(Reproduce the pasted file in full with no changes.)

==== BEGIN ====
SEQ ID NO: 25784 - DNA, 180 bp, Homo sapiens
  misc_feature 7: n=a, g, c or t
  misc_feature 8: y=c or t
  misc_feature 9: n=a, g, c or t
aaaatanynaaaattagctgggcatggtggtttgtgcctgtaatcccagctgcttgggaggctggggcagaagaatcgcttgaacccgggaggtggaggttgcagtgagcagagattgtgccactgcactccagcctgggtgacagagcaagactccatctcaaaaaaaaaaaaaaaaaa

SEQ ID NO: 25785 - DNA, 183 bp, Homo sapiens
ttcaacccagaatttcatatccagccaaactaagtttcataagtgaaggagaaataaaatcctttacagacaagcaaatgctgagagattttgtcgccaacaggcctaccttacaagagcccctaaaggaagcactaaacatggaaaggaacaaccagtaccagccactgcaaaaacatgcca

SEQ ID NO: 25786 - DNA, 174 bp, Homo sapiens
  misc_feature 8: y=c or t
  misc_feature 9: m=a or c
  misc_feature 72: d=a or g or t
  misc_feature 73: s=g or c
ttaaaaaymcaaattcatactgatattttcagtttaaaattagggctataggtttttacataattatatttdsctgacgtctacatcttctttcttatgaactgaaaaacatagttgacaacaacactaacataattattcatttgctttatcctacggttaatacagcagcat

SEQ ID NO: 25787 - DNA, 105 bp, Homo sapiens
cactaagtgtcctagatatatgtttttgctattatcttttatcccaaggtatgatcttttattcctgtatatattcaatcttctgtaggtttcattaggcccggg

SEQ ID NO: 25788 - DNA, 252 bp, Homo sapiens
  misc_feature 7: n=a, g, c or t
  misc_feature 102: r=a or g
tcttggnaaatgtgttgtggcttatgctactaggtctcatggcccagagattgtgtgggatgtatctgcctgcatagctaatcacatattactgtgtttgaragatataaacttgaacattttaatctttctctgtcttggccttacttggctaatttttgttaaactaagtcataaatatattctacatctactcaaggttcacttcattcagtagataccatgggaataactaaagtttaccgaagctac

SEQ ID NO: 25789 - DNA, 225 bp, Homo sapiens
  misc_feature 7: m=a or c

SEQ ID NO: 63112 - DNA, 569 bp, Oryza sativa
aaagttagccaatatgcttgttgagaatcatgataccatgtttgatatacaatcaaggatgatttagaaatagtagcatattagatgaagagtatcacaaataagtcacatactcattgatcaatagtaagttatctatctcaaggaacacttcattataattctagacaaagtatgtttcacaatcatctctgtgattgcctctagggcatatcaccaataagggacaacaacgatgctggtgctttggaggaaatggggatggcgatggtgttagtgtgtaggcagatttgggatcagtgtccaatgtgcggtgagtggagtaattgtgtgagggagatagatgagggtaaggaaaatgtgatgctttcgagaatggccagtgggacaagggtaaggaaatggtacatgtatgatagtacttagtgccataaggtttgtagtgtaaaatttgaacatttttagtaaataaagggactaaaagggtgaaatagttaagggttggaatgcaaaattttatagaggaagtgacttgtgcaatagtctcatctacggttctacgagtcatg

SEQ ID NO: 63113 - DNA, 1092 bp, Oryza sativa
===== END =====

SEQ ID NO: 25784 - DNA, 180 bp, Homo sapiens
  misc_feature 7: n=a, g, c or t
  misc_feature 8: y=c or t
  misc_feature 9: n=a, g, c or t
aaaatanynaaaattagctgggcatggtggtttgtgcctgtaatcccagctgcttgggaggctggggcagaagaatcgcttgaacccgggaggtggaggttgcagtgagcagagattgtgccactgcactccagcctgggtgacagagcaagactccatctcaaaaaaaaaaaaaaaaaa

SEQ ID NO: 25785 - DNA, 183 bp, Homo sapiens
ttcaacccagaatttcatatccagccaaactaagtttcataagtgaaggagaaataaaatcctttacagacaagcaaatgctgagagattttgtcgccaacaggcctaccttacaagagcccctaaaggaagcactaaacatggaaaggaacaaccagtaccagccactgcaaaaacatgcca

SEQ ID NO: 25786 - DNA, 174 bp, Homo sapiens
  misc_feature 8: y=c or t
  misc_feature 9: m=a or c
  misc_feature 72: d=a or g or t
  misc_feature 73: s=g or c
ttaaaaaymcaaattcatactgatattttcagtttaaaattagggctataggtttttacataattatatttdsctgacgtctacatcttctttcttatgaactgaaaaacatagttgacaacaacactaacataattattcatttgctttatcctacggttaatacagcagcat

SEQ ID NO: 25787 - DNA, 105 bp, Homo sapiens
cactaagtgtcctagatatatgtttttgctattatcttttatcccaaggtatgatcttttattcctgtatatattcaatcttctgtaggtttcattaggcccggg

SEQ ID NO: 25788 - DNA, 252 bp, Homo sapiens
  misc_feature 7: n=a, g, c or t
  misc_feature 102: r=a or g
tcttggnaaatgtgttgtggcttatgctactaggtctcatggcccagagattgtgtgggatgtatctgcctgcatagctaatcacatattactgtgtttgaragatataaacttgaacattttaatctttctctgtcttggccttacttggctaatttttgttaaactaagtcataaatatattctacatctactcaaggttcacttcattcagtagataccatgggaataactaaagtttaccgaagctac

SEQ ID NO: 25789 - DNA, 225 bp, Homo sapiens
  misc_feature 7: m=a or c

SEQ ID NO: 63112 - DNA, 569 bp, Oryza sativa
aaagttagccaatatgcttgttgagaatcatgataccatgtttgatatacaatcaaggatgatttagaaatagtagcatattagatgaagagtatcacaaataagtcacatactcattgatcaatagtaagttatctatctcaaggaacacttcattataattctagacaaagtatgtttcacaatcatctctgtgattgcctctagggcatatcaccaataagggacaacaacgatgctggtgctttggaggaaatggggatggcgatggtgttagtgtgtaggcagatttgggatcagtgtccaatgtgcggtgagtggagtaattgtgtgagggagatagatgagggtaaggaaaatgtgatgctttcgagaatggccagtgggacaagggtaaggaaatggtacatgtatgatagtacttagtgccataaggtttgtagtgtaaaatttgaacatttttagtaaataaagggactaaaagggtgaaatagttaagggttggaatgcaaaattttatagaggaagtgacttgtgcaatagtctcatctacggttctacgagtcatg

SEQ ID NO: 63113 - DNA, 1092 bp, Oryza sativa